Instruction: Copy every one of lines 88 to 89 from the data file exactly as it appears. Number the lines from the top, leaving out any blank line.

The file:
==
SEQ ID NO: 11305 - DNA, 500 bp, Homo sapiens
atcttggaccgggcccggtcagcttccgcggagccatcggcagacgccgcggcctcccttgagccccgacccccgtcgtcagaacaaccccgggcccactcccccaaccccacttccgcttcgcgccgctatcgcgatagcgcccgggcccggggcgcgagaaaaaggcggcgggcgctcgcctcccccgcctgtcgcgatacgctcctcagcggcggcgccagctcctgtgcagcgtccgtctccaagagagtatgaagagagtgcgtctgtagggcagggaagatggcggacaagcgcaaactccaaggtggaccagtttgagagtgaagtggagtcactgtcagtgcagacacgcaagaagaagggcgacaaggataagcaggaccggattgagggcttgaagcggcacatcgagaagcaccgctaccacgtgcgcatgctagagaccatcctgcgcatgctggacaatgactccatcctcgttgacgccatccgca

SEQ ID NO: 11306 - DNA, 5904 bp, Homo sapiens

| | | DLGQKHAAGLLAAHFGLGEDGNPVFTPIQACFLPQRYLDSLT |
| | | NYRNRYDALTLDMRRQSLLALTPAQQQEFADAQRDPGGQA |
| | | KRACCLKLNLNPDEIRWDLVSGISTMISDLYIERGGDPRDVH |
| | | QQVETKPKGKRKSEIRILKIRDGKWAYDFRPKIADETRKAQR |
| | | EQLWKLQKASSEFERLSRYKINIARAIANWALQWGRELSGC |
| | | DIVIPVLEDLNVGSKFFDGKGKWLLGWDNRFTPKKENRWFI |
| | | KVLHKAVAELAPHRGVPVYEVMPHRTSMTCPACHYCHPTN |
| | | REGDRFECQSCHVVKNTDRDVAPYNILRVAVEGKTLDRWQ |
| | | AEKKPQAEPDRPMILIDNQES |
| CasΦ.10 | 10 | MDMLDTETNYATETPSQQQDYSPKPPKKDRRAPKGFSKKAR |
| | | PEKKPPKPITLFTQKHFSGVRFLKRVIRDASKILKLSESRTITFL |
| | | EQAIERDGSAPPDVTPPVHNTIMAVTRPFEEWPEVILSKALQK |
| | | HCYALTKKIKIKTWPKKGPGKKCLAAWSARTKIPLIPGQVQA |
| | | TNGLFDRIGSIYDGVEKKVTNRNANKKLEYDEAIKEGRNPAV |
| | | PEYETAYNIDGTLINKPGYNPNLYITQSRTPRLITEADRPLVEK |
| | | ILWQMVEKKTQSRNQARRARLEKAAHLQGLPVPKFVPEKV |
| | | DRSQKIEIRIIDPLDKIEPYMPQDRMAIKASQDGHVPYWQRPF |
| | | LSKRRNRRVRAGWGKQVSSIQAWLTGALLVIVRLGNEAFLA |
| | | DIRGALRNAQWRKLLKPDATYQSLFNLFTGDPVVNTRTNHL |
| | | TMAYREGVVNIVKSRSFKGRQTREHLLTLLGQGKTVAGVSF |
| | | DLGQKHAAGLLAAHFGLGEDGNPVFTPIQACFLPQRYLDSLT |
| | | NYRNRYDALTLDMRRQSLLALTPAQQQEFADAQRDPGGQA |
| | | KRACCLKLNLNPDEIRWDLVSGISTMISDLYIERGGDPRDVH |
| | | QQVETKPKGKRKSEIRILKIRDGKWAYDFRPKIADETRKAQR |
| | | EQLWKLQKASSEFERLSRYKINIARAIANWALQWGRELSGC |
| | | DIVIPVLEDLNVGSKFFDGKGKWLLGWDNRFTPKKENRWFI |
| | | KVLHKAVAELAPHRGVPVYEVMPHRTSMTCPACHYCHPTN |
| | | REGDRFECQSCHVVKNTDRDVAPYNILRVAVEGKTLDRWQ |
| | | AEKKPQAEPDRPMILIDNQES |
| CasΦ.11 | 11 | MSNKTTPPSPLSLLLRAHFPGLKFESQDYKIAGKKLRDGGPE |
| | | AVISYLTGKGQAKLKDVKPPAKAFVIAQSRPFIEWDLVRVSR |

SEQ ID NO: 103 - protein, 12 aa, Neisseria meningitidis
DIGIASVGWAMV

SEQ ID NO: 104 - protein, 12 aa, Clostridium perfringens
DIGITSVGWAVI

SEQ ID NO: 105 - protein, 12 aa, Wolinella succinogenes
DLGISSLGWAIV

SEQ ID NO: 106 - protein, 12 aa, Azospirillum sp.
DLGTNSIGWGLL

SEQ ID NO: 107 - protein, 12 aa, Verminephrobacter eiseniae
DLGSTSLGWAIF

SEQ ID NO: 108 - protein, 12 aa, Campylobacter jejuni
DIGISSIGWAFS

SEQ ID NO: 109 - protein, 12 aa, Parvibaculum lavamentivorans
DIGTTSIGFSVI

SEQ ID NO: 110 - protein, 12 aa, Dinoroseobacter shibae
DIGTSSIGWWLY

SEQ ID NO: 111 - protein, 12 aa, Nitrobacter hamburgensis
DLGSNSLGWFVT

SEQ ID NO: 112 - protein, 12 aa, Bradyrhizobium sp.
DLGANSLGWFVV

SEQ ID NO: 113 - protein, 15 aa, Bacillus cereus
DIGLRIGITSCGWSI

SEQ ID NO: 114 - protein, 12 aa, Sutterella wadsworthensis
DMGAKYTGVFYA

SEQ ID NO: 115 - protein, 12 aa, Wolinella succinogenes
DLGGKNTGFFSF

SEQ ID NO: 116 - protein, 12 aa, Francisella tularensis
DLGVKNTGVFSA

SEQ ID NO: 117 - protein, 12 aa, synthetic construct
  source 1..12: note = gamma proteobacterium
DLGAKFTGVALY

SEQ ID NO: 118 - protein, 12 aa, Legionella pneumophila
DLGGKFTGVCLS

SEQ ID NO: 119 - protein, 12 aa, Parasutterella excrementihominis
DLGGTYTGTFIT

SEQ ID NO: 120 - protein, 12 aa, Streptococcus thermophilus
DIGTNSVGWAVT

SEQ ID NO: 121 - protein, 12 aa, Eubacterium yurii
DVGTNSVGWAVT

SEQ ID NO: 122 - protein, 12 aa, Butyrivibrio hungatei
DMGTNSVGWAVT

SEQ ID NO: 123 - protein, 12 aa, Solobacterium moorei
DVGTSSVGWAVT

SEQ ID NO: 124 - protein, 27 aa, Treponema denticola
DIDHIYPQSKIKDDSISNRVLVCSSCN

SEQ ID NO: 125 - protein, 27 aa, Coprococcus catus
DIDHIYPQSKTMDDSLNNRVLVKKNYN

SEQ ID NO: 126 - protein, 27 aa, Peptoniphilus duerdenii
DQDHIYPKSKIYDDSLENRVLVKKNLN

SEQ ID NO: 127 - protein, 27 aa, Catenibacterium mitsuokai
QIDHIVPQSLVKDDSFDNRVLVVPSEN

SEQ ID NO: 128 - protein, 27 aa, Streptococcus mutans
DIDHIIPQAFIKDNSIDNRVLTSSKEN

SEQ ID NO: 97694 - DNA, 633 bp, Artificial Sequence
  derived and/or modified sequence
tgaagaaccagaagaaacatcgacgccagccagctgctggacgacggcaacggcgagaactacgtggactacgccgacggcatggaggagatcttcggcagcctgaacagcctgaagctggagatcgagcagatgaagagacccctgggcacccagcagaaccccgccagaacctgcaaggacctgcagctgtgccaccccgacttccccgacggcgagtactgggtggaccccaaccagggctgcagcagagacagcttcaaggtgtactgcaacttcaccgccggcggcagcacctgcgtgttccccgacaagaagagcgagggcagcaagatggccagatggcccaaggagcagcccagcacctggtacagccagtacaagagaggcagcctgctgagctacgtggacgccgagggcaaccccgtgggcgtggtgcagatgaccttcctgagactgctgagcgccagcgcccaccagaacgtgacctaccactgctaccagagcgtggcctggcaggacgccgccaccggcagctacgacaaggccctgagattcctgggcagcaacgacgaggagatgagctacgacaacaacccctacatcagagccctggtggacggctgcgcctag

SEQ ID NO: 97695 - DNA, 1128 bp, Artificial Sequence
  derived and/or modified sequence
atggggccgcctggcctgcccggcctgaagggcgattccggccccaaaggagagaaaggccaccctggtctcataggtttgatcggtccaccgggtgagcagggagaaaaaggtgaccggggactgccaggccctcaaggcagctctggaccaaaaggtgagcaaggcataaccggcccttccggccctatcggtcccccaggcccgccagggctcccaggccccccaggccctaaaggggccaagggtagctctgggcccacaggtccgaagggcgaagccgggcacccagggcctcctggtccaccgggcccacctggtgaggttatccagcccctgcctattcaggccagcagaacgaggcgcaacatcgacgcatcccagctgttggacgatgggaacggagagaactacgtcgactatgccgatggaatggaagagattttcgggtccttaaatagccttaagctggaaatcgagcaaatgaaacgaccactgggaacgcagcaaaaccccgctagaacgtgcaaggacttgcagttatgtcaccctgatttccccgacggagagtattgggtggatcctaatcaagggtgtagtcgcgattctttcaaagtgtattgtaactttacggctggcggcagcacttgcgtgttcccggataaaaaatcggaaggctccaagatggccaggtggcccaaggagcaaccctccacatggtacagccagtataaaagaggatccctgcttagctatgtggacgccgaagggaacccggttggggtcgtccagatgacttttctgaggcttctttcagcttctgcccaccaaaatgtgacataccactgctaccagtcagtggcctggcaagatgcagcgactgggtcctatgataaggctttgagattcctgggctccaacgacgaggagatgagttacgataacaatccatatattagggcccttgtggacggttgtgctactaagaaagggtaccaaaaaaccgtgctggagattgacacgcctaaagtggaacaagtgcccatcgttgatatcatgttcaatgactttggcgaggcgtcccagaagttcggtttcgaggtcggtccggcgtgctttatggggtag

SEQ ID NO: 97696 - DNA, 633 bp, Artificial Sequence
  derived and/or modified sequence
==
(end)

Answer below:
SEQ ID NO: 97694 - DNA, 633 bp, Artificial Sequence
  derived and/or modified sequence